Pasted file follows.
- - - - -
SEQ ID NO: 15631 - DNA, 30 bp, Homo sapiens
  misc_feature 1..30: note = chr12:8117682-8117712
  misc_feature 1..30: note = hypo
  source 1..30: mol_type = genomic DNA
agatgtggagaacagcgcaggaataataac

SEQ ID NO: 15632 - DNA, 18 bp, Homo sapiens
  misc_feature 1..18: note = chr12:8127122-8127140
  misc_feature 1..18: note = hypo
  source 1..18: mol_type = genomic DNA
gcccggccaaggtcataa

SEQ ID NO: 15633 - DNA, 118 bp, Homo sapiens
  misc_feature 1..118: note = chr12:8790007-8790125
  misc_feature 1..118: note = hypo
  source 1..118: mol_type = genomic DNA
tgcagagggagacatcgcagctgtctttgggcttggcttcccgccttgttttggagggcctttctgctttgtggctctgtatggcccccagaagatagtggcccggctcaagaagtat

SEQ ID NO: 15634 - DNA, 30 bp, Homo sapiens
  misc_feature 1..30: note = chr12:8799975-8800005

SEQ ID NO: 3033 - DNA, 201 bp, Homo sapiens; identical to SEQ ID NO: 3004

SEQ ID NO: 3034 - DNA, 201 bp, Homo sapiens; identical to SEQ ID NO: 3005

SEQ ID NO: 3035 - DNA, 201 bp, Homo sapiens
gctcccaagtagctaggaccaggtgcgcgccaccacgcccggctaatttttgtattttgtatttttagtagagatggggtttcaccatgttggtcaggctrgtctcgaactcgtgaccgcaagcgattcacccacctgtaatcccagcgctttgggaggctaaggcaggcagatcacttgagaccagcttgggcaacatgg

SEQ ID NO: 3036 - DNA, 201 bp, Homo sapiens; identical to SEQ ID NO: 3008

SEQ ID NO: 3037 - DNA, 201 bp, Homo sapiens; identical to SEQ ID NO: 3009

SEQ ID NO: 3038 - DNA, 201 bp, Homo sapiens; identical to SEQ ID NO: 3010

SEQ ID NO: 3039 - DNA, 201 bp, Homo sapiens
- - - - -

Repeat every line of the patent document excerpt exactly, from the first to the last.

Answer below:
SEQ ID NO: 15631 - DNA, 30 bp, Homo sapiens
  misc_feature 1..30: note = chr12:8117682-8117712
  misc_feature 1..30: note = hypo
  source 1..30: mol_type = genomic DNA
agatgtggagaacagcgcaggaataataac

SEQ ID NO: 15632 - DNA, 18 bp, Homo sapiens
  misc_feature 1..18: note = chr12:8127122-8127140
  misc_feature 1..18: note = hypo
  source 1..18: mol_type = genomic DNA
gcccggccaaggtcataa

SEQ ID NO: 15633 - DNA, 118 bp, Homo sapiens
  misc_feature 1..118: note = chr12:8790007-8790125
  misc_feature 1..118: note = hypo
  source 1..118: mol_type = genomic DNA
tgcagagggagacatcgcagctgtctttgggcttggcttcccgccttgttttggagggcctttctgctttgtggctctgtatggcccccagaagatagtggcccggctcaagaagtat

SEQ ID NO: 15634 - DNA, 30 bp, Homo sapiens
  misc_feature 1..30: note = chr12:8799975-8800005

SEQ ID NO: 3033 - DNA, 201 bp, Homo sapiens; identical to SEQ ID NO: 3004

SEQ ID NO: 3034 - DNA, 201 bp, Homo sapiens; identical to SEQ ID NO: 3005

SEQ ID NO: 3035 - DNA, 201 bp, Homo sapiens
gctcccaagtagctaggaccaggtgcgcgccaccacgcccggctaatttttgtattttgtatttttagtagagatggggtttcaccatgttggtcaggctrgtctcgaactcgtgaccgcaagcgattcacccacctgtaatcccagcgctttgggaggctaaggcaggcagatcacttgagaccagcttgggcaacatgg

SEQ ID NO: 3036 - DNA, 201 bp, Homo sapiens; identical to SEQ ID NO: 3008

SEQ ID NO: 3037 - DNA, 201 bp, Homo sapiens; identical to SEQ ID NO: 3009

SEQ ID NO: 3038 - DNA, 201 bp, Homo sapiens; identical to SEQ ID NO: 3010

SEQ ID NO: 3039 - DNA, 201 bp, Homo sapiens